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The Chinese Internet Age
Dynamic Processes in Regime Changes
3th December 2012

CHAU, Pak Hong (3035002825)

POLI0094 Political Participation: Why and how? Department of Politics and Public Administration Faculty of Social Sciences The University of Hong Kong

The Chinese Internet Age: Dynamic Processes in Regime Changes “Internet will bring freedom to China.” - George W. Bush Internet has played a vital role in China’s contentious politics said by Yang (2009). The inter-relationship between internet and social movements have long been discussed in the field. However, related researches have been largely accumulating within democratic regimes or bounded by generalized arguments over decades. Therefore, this paper is to examine empirically the importance of internet in nurturing social protests in China, and thus provide empirical results for further analysis of changes in the authoritarian regime. In the following, the concentration will be on the opportunity structure proposed by Gamson and Meyer (1996) to illustrate how internet generates new opportunities for protests. After that, the state declining capability to carry out sufficient repressions will be explored. In the third section, a emerging collective identity among Chinese netizens will be examined. Discussions of how online contentions transformed into social protests in China (see Yang, 2009), as well as how collective identities mobilize people in social movements (see Polletta & Jasper, 2001) are omitted in this short essay. An attempt will be made to highlight and address the crucial changes in China’s contentious politics which are contributing to the long revolution of regime changes rather than to cover all important tasks in the domain. Lastly, I will conclude by suggesting radically how these vital moves will potentially contribute to regime changes in China, and pointing out the major threat, the Chinese government - the largest player in cyberspace, to the whole process.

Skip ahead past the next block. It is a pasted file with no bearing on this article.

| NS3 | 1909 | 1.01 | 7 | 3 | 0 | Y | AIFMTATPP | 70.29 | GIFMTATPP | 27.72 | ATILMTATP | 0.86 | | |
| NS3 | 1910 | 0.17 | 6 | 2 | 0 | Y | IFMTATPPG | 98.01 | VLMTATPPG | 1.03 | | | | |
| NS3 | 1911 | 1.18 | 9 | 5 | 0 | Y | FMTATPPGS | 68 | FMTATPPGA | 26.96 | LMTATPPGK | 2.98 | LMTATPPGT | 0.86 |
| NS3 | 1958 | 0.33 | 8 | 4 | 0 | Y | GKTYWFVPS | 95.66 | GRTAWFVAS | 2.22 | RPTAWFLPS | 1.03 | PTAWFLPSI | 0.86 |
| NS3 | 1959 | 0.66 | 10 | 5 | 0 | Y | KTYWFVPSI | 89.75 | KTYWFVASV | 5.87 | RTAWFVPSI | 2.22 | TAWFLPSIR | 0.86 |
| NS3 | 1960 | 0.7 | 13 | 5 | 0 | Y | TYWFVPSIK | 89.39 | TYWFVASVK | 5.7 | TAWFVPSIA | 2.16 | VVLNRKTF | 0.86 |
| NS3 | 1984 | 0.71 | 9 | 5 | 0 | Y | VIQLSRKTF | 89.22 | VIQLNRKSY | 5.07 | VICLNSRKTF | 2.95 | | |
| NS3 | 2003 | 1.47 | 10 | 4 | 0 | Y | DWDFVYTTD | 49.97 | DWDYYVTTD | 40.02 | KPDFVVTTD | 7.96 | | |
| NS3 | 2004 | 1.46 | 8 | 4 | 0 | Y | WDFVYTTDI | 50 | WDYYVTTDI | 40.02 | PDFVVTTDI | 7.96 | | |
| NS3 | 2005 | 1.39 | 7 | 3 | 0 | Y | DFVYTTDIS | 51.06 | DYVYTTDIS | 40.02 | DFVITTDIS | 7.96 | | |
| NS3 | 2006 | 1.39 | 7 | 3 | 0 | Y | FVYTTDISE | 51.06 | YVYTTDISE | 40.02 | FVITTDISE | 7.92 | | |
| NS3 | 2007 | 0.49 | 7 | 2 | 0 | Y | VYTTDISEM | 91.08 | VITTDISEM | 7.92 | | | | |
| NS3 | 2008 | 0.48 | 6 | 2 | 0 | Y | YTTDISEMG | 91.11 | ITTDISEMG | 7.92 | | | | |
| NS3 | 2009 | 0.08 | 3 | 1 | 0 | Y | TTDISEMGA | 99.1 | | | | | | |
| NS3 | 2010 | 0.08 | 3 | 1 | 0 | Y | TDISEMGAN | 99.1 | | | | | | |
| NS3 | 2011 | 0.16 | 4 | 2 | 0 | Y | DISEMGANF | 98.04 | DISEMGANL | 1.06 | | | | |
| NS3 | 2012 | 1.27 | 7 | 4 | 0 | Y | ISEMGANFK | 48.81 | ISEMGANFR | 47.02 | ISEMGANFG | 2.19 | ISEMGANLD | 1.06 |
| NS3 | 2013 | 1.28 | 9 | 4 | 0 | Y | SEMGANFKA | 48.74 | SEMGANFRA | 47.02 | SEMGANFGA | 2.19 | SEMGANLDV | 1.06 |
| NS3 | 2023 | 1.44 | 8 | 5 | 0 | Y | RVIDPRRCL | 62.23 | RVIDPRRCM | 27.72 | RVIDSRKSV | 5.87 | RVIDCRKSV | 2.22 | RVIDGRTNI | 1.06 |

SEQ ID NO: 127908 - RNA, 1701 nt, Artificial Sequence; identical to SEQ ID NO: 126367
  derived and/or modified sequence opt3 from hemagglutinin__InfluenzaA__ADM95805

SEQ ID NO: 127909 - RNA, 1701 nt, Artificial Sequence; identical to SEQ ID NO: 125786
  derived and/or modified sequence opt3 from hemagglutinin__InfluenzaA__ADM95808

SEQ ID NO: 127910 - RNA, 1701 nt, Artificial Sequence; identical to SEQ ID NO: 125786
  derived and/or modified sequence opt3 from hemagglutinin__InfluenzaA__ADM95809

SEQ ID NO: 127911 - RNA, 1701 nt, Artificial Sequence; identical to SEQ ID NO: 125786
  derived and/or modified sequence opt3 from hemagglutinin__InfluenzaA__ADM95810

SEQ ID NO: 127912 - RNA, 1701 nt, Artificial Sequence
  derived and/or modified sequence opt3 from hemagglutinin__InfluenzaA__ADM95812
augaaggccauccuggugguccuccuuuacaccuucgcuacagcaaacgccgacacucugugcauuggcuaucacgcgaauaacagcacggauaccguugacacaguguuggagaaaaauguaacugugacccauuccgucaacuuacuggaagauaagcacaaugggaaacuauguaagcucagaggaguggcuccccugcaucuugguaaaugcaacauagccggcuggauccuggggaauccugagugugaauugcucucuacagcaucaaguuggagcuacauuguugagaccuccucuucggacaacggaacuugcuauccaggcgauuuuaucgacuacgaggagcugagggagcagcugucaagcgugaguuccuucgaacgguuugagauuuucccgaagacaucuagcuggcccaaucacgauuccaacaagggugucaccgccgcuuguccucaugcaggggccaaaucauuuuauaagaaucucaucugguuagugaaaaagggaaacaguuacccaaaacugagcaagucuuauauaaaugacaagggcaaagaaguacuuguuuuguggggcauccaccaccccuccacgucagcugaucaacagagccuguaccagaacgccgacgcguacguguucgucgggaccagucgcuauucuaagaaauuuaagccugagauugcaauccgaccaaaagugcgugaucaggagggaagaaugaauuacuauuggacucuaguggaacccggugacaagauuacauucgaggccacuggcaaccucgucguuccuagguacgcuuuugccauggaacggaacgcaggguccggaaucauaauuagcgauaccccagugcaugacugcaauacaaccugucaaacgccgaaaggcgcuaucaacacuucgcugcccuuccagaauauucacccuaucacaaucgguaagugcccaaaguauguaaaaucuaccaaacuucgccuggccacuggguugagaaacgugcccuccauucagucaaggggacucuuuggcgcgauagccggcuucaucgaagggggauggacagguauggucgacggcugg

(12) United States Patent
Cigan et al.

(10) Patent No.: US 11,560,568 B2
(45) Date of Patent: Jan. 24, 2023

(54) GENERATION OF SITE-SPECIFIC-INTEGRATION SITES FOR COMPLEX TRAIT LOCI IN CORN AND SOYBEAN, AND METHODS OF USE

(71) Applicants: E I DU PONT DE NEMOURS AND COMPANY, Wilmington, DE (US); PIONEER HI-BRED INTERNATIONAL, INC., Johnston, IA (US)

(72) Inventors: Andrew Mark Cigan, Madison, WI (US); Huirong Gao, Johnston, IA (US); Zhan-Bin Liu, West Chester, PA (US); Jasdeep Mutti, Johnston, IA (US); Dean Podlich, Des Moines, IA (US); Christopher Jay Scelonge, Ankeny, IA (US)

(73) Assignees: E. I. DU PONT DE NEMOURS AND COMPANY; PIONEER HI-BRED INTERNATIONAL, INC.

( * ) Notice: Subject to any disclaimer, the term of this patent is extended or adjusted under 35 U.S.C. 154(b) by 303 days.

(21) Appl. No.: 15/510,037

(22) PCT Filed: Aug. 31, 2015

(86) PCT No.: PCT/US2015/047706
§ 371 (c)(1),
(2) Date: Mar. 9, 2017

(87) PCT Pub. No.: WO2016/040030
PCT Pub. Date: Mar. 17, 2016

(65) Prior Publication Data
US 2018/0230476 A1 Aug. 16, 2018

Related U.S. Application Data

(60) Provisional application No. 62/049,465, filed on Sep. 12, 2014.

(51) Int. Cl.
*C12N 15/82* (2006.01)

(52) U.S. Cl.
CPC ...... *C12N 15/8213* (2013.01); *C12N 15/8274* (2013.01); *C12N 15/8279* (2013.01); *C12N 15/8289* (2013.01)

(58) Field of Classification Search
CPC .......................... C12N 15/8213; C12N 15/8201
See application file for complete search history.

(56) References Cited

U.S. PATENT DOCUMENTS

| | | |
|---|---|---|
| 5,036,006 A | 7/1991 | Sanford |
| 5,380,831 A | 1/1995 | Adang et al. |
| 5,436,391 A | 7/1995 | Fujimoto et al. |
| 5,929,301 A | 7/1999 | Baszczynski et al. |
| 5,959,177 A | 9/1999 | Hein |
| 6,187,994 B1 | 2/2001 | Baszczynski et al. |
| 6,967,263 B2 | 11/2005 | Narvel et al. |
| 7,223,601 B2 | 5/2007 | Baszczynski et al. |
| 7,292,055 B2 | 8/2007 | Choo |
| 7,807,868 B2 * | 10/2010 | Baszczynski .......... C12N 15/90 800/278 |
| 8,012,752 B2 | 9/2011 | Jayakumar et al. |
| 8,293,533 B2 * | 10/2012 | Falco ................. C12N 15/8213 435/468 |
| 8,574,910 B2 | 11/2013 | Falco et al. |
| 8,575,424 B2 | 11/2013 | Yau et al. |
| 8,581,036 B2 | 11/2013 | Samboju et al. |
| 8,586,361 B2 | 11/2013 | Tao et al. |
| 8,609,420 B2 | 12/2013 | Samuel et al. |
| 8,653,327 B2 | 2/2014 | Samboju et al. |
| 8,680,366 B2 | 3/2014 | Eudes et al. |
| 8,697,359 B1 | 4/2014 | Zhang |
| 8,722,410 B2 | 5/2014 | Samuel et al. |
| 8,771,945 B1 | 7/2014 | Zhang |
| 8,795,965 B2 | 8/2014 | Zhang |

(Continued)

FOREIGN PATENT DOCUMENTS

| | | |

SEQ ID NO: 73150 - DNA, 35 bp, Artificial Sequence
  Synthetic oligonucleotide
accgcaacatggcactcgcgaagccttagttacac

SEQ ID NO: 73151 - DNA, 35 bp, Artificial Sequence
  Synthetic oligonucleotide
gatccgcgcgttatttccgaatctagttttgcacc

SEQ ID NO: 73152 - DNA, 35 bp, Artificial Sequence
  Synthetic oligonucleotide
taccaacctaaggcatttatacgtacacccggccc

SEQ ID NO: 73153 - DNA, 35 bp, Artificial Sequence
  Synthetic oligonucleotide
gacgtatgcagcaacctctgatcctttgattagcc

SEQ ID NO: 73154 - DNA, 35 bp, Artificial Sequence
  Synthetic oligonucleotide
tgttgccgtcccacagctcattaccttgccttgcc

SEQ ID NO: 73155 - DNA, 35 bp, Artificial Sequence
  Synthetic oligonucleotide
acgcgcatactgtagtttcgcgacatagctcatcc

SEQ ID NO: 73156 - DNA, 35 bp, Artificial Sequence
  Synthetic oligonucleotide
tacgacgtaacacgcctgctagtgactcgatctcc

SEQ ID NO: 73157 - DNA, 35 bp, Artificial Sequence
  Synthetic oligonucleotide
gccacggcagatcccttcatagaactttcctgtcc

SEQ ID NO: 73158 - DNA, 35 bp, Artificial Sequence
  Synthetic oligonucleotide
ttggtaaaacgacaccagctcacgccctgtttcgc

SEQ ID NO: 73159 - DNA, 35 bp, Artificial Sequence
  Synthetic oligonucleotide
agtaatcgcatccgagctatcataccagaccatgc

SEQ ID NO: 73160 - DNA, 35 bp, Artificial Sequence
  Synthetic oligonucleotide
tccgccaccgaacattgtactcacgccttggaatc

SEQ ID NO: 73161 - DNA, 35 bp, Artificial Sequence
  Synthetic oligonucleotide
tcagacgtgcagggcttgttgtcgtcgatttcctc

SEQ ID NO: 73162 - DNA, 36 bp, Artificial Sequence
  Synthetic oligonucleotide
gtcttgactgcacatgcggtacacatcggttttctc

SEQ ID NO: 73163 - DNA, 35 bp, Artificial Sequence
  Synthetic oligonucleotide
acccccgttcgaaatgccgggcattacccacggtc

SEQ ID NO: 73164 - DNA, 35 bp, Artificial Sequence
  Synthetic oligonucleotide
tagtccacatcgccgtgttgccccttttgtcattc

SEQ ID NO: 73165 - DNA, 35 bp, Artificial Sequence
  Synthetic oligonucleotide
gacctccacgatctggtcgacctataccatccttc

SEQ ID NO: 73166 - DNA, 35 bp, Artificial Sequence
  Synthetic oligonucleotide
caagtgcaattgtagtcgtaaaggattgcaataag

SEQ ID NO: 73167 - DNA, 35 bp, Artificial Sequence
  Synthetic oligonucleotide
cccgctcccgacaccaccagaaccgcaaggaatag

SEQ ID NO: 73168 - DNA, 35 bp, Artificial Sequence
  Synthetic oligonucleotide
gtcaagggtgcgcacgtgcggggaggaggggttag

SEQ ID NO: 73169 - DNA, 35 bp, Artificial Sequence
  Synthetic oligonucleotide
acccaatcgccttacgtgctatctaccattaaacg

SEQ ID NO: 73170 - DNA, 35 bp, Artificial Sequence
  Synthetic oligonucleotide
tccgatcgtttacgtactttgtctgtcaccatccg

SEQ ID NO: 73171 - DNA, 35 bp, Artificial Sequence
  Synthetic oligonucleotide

New Opportunities for Protests: A Partially Opened System
Internet creates new opportunities for protests in China as it further opens up the Chinese system, inevitably exposing the 538 million Chinese netizens, which surged from 22.5 millions in 2000 (CNNIC, 2012), to the outside world despite "The Great Firewall of China". 1 According to a study done by the Berkman Center for Internet and Society at Harvard University (Roberts et al., 2010), 3% of web users in countries like China engaging in online censorship were using circumvention tools2 to bypass government blocks and get access to western sites. Similar tools have been increasingly prevalent among Chinese netizens in recent years, for instance, an unconventional tool - “host file”3 , developed last year and was searched on Baidu by 430,000 times in October this year (WSJ, 2012). Mr. Hsu, who is the founder added that: “We started helping to provide the service in October 2011 because lots of netizens are eager to get to know what’s happening behind the wall, but it’s not easy for them.” With netizens’ curiosity, there are over 63 millions Facebook and 35 millions Twitter registered users in 2012, representing 15% and 8% of the web population respectively (Global Web Index, 2012). All of these proves a more partially-opened China system with the Internet. In such a system, protests are greatest according to the curvilinear model, (Eisinger, 1973). It was also suggested that such opening is more likely to create new opportunities for protests in authoritarian regimes where the pre-existing avenues for expressing contentions

1 A firewall 2

employed to disable selected western sites, including Facebook, Google, Twitter, etc. in China

blocking-resistant tools, simple web proxies and VPN services advancement which allow Chinese people to surf western websites even without VPN

3 A technological

services

are narrow (Yan, 2012). The Jasmine Revolution in 2011 is the best case for illustration of how...
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